Day one opened with coins, featuring a single-owner collection of gold coins which realized a combined price of $22,975. A 70 piece Bicentennial first edition sterling ingot proof set hammered down at $1,900, while in the jewelry category a beautiful Victorian 14K gold watch chain with an engraved slide fetched $2,100.
Other categories sold on the first day included pottery and porcelain, highlighted by a pair of pieces by George Ohr, who christened himself the mad pottery of Biloxi. The two pieces together sold for $2,900. The collectibles category also drew heavy interest, with a Mills Bell 5 cent slot machine bringing $1,200 and a 19th Century Spanish Santos ivory head and hand achieving $1,100. A small collection of Russian icons inspired spirited bidding, with the top lot being a pair of portrait oklad icons including Lady Kazan and Pantokrator, which sold to an enthusiastic collector for $4,600.
The excitement began early in day two when a rare eight day tall case clock by Eli Bentley out of Taneytown, MD in fair condition, sold for $1,600. A little later in the day, an ethereal 29 inch tall white Carrara marble sculpture of a young woman signed Donatello was won for $2,100.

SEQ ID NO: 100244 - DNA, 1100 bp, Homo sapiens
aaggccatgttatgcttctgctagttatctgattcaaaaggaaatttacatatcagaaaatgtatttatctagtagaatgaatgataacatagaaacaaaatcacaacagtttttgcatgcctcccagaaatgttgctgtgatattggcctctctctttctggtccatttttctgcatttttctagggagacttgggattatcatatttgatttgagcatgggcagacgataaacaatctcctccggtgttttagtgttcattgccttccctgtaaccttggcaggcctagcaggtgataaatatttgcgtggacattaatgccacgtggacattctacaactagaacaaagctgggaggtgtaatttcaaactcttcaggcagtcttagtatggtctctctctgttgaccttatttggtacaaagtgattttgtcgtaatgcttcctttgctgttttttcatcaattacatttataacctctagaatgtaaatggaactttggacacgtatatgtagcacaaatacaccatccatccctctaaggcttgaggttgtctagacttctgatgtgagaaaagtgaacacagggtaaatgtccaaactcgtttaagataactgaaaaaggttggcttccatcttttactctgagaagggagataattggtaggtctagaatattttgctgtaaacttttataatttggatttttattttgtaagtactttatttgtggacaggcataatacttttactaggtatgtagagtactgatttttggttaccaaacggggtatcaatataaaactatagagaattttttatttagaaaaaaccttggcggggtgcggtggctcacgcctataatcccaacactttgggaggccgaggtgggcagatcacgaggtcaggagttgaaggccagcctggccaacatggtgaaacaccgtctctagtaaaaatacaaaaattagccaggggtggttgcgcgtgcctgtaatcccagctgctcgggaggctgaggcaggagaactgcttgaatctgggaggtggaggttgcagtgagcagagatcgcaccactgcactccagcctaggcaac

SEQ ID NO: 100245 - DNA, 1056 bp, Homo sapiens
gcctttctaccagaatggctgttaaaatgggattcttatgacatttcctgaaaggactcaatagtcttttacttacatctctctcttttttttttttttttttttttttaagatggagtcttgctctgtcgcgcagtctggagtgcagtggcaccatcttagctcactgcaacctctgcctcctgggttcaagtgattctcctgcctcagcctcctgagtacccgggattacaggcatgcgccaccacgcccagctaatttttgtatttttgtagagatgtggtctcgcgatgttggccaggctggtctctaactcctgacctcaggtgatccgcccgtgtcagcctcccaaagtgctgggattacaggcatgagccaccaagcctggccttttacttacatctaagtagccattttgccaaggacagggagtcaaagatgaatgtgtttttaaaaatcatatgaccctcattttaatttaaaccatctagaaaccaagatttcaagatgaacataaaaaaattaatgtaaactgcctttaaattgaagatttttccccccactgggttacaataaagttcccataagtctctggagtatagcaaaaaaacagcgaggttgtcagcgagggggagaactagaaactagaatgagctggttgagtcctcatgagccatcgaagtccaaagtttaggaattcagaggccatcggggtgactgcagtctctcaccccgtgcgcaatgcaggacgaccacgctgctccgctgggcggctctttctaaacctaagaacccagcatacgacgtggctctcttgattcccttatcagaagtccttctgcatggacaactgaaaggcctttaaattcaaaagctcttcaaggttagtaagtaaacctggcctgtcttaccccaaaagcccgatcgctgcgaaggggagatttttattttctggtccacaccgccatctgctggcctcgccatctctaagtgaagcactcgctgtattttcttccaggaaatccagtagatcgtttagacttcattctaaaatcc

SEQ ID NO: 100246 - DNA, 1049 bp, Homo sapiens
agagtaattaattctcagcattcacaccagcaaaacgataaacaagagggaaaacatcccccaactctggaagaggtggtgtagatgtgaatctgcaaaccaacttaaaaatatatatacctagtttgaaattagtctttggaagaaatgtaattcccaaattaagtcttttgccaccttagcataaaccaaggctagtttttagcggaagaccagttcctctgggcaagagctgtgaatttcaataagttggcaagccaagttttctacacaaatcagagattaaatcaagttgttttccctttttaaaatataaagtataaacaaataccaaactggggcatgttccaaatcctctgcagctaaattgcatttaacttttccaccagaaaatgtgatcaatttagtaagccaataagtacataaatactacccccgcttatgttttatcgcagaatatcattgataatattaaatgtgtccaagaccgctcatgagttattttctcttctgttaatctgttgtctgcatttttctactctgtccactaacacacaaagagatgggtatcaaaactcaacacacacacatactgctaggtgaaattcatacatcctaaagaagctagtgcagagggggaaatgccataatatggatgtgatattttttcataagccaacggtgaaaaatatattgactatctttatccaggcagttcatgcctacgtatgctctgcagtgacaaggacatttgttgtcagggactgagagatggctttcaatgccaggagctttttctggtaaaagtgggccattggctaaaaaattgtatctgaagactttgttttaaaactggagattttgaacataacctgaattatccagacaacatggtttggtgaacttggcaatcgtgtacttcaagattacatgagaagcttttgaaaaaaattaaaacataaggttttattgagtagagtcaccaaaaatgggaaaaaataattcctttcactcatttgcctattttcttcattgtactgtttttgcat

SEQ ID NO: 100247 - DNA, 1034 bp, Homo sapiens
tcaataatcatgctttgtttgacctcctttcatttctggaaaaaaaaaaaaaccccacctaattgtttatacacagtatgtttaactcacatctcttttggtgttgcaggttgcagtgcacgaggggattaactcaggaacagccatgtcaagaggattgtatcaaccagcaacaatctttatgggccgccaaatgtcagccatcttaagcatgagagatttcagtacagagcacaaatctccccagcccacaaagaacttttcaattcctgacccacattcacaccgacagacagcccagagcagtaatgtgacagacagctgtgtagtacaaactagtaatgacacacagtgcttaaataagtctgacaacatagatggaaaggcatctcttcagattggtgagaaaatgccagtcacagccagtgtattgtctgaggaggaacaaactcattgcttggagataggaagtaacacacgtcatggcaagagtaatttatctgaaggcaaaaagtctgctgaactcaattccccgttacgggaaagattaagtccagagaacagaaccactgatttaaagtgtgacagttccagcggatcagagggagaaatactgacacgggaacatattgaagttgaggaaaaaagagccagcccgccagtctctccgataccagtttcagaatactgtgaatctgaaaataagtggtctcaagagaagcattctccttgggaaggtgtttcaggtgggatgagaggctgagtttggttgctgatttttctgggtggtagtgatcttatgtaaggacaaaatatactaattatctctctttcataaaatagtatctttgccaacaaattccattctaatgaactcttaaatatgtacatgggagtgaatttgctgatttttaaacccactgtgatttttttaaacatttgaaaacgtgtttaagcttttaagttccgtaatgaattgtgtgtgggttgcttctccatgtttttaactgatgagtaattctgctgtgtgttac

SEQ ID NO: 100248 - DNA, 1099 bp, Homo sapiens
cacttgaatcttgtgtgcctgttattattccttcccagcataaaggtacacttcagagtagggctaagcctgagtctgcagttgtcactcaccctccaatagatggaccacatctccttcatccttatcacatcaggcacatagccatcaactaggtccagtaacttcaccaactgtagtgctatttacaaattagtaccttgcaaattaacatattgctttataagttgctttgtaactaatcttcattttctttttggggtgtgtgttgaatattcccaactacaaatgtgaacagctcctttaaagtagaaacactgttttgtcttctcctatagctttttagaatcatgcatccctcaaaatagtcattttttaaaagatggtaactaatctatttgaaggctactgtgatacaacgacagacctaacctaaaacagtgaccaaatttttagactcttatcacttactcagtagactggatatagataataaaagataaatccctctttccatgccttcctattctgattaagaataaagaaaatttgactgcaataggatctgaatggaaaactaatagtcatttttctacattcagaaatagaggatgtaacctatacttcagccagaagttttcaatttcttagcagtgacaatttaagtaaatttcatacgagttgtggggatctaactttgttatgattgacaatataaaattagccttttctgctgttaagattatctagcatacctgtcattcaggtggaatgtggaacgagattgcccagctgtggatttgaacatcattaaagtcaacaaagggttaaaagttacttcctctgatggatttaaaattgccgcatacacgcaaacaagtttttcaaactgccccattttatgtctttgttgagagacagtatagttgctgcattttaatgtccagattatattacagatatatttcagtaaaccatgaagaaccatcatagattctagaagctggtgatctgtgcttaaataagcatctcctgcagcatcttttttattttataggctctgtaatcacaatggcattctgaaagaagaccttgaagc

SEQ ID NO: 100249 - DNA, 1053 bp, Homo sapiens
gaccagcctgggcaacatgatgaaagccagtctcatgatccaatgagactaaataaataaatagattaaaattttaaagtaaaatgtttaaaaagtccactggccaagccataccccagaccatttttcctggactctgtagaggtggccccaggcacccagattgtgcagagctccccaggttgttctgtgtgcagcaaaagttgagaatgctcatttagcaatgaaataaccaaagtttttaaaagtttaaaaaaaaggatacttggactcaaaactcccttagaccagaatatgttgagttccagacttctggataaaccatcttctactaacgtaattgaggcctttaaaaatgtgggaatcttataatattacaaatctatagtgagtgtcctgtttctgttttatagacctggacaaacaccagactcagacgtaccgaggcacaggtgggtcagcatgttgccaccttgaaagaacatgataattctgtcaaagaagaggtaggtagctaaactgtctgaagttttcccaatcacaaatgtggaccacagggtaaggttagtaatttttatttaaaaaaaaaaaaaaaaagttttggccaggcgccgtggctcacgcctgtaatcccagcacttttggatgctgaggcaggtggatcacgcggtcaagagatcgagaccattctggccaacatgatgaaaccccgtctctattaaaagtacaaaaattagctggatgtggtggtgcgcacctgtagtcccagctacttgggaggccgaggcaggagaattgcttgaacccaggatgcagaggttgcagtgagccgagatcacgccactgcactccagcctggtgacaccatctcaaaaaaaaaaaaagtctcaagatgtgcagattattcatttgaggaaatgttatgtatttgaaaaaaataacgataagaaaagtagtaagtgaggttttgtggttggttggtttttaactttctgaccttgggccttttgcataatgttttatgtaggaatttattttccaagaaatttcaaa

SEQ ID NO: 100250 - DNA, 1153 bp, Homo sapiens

In Asian Arts, two single-owner pre-ban ivory collections drew energetic bidding from the floor, phones, and internet. Top lots of the collection included a carved mother turtle with 18 of her children ($1,900), an ivory Shibayama tusk with a mother of pearl floral design ($3,200), and a Japanese Okimono of a performer with monkeys ($2,800). The top lot of the auction, a carved ivory wedding dragon boat from the Meiji period, brought competition between multiple internet bidders and the floor, finally hammering for $6,500.